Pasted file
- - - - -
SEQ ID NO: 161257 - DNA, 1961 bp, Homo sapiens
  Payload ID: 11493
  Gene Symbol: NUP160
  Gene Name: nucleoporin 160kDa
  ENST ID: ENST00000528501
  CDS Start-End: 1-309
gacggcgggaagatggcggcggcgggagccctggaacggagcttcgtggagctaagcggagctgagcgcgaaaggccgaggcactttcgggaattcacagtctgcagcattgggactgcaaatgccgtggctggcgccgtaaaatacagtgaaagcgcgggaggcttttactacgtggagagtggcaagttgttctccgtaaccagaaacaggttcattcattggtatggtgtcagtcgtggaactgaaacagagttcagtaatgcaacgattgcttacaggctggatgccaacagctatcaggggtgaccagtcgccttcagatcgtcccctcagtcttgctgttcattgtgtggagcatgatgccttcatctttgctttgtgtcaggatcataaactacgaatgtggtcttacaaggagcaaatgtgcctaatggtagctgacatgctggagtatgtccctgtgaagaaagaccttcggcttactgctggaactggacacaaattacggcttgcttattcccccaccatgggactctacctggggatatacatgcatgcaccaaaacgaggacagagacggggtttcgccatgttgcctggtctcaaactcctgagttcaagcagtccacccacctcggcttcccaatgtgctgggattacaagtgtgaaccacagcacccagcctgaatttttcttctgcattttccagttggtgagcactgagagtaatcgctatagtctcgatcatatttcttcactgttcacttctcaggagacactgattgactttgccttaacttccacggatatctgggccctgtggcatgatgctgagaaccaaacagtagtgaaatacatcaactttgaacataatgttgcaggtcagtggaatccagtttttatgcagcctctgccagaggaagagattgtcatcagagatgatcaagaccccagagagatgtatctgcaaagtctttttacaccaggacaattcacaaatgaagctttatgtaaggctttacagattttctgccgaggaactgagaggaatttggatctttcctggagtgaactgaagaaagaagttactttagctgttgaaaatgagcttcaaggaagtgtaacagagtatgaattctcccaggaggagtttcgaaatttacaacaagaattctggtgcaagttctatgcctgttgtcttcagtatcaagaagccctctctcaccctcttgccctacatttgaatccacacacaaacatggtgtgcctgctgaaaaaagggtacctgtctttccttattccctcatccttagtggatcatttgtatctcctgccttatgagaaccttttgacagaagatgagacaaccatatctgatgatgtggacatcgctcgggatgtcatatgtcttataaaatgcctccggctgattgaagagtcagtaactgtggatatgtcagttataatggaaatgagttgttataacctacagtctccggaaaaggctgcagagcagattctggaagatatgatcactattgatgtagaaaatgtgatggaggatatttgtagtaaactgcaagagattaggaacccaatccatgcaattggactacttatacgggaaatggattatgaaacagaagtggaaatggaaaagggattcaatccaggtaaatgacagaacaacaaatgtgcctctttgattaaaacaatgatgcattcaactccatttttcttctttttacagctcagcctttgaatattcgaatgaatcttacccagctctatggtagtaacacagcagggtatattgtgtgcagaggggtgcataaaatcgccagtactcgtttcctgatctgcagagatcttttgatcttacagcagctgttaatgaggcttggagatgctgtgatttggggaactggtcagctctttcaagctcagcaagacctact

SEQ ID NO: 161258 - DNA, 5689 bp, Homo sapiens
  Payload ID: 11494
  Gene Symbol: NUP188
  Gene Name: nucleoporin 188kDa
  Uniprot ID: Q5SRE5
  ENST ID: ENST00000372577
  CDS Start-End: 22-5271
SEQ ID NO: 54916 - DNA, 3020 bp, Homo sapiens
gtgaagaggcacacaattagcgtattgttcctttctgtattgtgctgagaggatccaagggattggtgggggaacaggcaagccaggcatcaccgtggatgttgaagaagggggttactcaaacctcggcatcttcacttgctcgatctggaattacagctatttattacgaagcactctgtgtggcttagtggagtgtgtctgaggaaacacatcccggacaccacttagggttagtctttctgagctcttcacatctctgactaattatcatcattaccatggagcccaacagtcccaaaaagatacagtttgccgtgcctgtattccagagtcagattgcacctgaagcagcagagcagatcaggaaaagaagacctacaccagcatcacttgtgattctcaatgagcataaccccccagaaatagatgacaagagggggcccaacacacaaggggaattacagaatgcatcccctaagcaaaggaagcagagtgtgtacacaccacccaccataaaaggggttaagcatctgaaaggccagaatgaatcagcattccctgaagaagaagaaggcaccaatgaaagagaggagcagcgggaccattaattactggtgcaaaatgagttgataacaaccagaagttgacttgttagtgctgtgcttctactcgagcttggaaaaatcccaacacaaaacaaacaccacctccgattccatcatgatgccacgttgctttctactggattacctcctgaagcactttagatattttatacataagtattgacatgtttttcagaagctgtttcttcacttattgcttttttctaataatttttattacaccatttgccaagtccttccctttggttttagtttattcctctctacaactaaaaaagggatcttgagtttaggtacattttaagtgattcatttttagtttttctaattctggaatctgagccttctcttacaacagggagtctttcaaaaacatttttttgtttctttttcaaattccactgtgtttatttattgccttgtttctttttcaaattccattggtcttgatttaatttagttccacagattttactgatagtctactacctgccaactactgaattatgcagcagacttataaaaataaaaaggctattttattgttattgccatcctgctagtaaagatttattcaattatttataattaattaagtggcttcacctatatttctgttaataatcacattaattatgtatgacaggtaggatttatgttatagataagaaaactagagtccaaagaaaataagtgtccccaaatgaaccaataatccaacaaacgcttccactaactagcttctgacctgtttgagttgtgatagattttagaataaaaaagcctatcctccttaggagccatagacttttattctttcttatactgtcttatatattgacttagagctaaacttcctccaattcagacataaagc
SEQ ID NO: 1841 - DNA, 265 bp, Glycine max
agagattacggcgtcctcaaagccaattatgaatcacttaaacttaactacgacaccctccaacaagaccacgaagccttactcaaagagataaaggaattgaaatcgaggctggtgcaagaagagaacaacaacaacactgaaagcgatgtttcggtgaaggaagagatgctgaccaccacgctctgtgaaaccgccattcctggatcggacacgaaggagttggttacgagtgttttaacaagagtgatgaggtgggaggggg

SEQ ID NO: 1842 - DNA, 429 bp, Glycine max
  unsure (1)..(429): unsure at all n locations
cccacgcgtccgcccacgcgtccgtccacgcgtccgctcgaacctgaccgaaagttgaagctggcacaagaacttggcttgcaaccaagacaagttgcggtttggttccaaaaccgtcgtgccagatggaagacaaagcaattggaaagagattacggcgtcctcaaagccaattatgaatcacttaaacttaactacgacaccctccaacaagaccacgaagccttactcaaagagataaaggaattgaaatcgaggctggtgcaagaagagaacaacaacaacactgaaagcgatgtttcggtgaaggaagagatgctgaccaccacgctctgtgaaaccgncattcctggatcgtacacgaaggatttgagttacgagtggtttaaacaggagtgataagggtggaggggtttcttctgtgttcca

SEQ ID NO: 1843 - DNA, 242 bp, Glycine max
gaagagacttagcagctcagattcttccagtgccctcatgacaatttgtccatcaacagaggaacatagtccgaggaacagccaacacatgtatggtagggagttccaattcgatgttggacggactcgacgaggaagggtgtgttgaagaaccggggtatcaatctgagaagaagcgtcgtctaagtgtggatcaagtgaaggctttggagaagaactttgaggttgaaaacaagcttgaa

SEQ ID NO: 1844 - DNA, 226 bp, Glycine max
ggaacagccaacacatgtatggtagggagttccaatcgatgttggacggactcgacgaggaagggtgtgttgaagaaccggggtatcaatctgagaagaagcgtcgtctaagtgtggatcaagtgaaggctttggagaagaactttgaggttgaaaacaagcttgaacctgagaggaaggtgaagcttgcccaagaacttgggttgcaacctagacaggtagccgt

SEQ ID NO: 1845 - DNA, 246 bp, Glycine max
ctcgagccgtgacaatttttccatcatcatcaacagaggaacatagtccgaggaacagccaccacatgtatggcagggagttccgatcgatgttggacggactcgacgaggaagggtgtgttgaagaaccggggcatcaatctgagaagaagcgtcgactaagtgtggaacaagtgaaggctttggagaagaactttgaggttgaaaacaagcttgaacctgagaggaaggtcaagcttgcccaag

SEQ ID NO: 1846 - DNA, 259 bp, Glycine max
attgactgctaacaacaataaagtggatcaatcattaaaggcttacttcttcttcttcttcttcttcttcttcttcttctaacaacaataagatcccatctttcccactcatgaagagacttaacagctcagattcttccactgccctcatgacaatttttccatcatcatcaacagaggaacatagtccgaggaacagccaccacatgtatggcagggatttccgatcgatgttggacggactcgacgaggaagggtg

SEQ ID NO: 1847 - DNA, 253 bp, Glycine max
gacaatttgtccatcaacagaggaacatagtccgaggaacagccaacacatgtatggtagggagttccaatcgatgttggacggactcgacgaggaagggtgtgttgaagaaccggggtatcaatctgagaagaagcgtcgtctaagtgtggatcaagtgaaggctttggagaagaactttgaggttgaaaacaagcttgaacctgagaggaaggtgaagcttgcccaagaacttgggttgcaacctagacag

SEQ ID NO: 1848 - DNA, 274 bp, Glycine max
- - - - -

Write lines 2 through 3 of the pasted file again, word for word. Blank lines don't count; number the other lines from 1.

  Payload ID: 11493
  Gene Symbol: NUP160